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Abstract

The “refugee crisis” after the 1947 Partition of British India generated new contestations over urban resources, especially for securing accommodation. It resulted in a proliferation of encampment laws and policies with outcomes at multiple levels: city, neighborhood, and community. This article traces the uneven geographies produced by Bombay’s encampment laws and the (spatial) politics of refugee rehabilitation. It focuses on the state’s use of “camps” to segregate impoverished refugees and consolidate the urban periphery. The article explores the interplay between law, space, and property to illustrate how refugee entitlements created and sustained various forms of power and precarity in the metropolis. Refugee camps provided “conditional access” to shelter for indigent Sindhi refugees and became markers of social identification. Middle-class Sindhi refugees, on the other hand, secured their place in the city by establishing cooperative housing societies. This article highlights how caste and regional distinctions in pre-Partition Sindh translated into class-based spatial divisions among the displaced Sindhis in post-colonial Bombay.

In: Journal of Sindhi Studies
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Abstract

This contribution aims to approach the theme of a traveling Islam by starting from moving people and considering how their religious “luggage”—in terms of beliefs, ideas, and practices—travels with them and what this means for the circulation of religious ideas in Africa and beyond. The paper focuses particularly on Senegalese migrants of the Murid Sufi order residing in Italy and the Netherlands; it investigates how their religious luggage is important to them in the migration context and may circulate further from there. In addition, it explores how their religious luggage is moulded in, and through, their migration experiences: for instance, its meaning may change, or another layer may be added. Finally, ideas on (the force of) the Muridiyya may travel back to Senegal, adding other layers to the meaning of religion there as well.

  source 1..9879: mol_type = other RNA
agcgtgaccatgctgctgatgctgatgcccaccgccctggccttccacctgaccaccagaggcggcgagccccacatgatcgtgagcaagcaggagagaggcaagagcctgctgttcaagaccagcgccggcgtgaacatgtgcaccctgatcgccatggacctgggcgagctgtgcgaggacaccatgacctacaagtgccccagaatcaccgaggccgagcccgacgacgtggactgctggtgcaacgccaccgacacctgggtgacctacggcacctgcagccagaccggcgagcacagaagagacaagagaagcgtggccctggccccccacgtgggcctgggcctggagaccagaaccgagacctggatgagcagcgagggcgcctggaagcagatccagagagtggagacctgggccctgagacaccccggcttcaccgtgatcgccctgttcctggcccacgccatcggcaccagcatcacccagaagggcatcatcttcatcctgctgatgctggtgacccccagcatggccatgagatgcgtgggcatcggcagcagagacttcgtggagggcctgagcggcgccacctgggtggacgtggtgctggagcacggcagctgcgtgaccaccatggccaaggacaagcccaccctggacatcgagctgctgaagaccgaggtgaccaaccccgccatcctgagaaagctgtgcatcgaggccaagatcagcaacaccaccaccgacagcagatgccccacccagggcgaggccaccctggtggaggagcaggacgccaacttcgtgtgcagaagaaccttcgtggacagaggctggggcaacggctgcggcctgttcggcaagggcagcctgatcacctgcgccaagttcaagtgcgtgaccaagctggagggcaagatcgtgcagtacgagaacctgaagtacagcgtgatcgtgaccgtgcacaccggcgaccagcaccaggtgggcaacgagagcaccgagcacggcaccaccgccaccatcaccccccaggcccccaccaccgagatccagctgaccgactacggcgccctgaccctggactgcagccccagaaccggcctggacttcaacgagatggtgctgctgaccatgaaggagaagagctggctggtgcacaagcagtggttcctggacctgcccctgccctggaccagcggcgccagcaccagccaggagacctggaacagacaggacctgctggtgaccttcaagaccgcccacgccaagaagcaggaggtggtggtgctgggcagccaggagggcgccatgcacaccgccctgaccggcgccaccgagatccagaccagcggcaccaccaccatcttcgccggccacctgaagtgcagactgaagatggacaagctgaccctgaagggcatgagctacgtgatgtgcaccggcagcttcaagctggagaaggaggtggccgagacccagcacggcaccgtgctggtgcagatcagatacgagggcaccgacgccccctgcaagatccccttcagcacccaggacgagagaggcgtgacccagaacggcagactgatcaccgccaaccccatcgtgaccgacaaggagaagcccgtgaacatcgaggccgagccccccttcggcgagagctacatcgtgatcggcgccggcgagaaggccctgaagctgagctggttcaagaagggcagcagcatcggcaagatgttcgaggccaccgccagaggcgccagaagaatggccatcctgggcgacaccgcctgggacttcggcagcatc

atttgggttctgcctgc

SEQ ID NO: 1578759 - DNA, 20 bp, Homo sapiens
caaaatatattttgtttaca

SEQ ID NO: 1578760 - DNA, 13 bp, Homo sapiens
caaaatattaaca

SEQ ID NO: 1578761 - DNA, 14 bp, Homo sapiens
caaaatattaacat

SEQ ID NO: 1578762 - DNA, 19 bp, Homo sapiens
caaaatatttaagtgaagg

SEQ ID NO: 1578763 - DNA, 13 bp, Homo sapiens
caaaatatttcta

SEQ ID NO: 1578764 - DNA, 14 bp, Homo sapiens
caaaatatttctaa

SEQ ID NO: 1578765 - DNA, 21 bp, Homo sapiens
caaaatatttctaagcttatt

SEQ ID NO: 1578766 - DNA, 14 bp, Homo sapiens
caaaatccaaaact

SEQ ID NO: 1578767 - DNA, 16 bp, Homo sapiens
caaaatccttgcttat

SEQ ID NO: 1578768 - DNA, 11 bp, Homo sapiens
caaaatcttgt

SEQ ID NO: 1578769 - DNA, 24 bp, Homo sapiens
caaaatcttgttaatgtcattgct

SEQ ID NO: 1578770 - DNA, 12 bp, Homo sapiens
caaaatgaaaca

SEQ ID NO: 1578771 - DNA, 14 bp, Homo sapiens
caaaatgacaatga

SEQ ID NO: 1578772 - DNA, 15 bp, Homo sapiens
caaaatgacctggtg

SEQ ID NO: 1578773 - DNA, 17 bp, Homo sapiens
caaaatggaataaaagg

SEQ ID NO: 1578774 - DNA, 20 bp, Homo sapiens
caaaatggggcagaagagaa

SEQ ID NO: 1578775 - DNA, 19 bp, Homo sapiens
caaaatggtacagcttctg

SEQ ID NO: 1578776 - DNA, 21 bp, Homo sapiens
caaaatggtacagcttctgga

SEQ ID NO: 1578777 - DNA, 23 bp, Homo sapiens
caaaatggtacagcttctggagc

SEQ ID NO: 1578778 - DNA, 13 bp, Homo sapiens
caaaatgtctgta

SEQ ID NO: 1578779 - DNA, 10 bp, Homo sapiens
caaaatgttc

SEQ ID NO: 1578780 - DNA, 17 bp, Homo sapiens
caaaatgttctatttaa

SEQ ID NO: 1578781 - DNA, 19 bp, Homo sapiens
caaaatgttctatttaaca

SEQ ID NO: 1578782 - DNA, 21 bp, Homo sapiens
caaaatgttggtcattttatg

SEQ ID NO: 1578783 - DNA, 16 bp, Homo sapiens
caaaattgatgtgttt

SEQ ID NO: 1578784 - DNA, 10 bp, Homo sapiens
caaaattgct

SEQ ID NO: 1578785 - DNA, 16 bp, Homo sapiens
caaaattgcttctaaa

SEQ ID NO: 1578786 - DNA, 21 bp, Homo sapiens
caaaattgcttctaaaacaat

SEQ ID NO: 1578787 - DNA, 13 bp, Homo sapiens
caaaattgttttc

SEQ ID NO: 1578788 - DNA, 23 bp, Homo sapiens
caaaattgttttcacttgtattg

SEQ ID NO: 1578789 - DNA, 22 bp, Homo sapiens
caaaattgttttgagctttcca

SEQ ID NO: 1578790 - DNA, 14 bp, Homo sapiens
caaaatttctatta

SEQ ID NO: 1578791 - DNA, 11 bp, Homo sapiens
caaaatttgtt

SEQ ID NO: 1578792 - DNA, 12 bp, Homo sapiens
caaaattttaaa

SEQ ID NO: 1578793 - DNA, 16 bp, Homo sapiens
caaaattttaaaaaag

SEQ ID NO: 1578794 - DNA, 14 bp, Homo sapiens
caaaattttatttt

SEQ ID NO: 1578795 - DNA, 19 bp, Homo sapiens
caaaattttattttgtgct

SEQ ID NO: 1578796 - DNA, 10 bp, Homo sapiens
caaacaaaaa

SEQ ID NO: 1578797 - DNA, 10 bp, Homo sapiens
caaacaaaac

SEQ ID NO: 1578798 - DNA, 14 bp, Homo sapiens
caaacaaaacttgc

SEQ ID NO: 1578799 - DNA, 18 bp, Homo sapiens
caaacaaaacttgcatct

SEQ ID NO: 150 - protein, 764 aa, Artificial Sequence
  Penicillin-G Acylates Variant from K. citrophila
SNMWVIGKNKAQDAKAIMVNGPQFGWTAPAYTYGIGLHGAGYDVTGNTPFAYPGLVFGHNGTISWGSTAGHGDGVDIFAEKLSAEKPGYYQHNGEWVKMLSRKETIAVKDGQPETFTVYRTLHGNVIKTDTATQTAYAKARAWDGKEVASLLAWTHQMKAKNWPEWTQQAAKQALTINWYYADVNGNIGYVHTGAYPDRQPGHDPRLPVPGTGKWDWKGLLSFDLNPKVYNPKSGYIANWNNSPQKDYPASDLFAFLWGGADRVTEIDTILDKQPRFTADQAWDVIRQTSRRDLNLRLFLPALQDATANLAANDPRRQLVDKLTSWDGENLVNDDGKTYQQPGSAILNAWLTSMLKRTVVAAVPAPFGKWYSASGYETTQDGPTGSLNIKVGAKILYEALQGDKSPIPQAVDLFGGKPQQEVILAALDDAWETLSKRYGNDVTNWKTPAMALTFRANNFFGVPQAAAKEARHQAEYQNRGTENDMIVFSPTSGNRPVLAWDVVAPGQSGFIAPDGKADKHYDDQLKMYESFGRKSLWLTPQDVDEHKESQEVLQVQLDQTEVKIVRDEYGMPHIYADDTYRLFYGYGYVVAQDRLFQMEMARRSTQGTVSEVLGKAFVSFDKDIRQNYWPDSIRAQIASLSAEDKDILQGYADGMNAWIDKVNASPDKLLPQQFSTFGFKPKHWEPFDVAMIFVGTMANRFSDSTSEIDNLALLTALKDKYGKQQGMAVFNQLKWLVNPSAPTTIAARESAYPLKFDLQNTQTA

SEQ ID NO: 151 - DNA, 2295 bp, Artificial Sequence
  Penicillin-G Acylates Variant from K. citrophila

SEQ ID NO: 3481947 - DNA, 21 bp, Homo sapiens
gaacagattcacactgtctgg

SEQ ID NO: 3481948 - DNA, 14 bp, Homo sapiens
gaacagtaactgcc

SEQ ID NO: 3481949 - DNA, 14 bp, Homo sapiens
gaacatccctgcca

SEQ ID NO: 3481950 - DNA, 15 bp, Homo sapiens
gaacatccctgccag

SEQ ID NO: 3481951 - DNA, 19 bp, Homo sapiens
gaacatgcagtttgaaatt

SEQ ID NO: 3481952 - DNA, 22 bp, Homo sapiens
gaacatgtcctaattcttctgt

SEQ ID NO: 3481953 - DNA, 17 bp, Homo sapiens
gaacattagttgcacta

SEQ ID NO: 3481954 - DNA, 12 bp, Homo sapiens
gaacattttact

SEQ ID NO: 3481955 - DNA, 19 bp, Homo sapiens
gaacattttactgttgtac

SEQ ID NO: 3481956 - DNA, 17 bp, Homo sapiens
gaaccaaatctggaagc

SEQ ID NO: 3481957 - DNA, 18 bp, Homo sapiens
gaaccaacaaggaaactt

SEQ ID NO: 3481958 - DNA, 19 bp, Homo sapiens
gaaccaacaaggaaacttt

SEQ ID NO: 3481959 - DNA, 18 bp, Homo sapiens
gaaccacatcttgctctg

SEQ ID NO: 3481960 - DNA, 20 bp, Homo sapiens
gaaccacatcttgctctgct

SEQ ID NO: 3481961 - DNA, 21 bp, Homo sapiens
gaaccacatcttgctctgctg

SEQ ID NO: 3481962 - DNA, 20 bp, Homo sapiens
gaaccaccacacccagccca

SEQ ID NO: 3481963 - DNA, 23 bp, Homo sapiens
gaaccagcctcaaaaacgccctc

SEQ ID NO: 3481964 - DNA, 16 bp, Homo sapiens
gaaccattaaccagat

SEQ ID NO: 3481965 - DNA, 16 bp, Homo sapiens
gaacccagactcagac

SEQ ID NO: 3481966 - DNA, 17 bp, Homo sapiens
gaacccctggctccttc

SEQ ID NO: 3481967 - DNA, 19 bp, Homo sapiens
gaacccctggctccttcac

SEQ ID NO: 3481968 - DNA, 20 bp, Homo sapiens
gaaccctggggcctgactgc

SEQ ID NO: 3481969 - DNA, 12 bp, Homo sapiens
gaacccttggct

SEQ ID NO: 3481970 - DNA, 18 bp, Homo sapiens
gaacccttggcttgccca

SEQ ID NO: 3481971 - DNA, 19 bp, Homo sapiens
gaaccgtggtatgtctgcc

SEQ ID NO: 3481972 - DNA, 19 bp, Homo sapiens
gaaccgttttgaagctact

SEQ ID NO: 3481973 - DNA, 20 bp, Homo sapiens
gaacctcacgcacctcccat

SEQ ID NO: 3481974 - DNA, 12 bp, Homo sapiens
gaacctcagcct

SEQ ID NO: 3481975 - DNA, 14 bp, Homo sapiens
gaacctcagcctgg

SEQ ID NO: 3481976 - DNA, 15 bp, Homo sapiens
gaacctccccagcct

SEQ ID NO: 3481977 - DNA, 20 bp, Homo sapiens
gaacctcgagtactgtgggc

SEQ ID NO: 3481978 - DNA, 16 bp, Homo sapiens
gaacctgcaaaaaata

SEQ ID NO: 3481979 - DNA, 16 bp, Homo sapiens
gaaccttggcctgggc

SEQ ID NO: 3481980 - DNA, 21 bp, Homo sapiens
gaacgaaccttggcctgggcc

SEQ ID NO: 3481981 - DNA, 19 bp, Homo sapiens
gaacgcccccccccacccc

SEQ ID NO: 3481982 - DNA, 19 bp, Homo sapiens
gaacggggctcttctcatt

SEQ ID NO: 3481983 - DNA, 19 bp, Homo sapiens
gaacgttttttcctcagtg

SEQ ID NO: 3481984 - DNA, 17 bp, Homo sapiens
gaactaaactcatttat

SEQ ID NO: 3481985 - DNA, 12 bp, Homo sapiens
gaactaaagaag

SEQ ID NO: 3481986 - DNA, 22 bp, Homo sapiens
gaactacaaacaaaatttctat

Open Access
In: Islamic Africa
Free access
In: Journal of Islamic Ethics
In: Muslim Religious Authority in Central Eurasia
In: Muslim Religious Authority in Central Eurasia
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Résumé

De ‘Alī ibn Muḥammad al-Jurjānī (740-816 /1340-1413) on connaît davantage sa maîtrise des subtilités des débats en matière de théologie argumentative que son approche du soufisme qui fait l’objet du présent article, à l’appui d’une documentation inédite fournie par quelques-uns de ses traités persans et complétée par son fameux livre des définitions Kitāb al-Taʿrīfāt ainsi sa glose sur Tasdīd al-Qawāʿid de Shams al-Dīn al-Iṣfahānī. Le but est d’éclairer l’attachement de l’auteur à la connaissance mystique et sa vénération pour les maîtres soufis, sur fond d’apologie de la théorie de l’unicité de l’Être (waḥdat al-wujūd) d’Ibn ‘Arabī et de son école, à une époque où la mystique spéculative akbarienne s’apprête à entrer en résonance avec la gnose philosophique iranienne, à la suite du déclin du kalām ashʿarite.

In: Studia Islamica
In: Muslim Religious Authority in Central Eurasia
Free access
In: Studia Islamica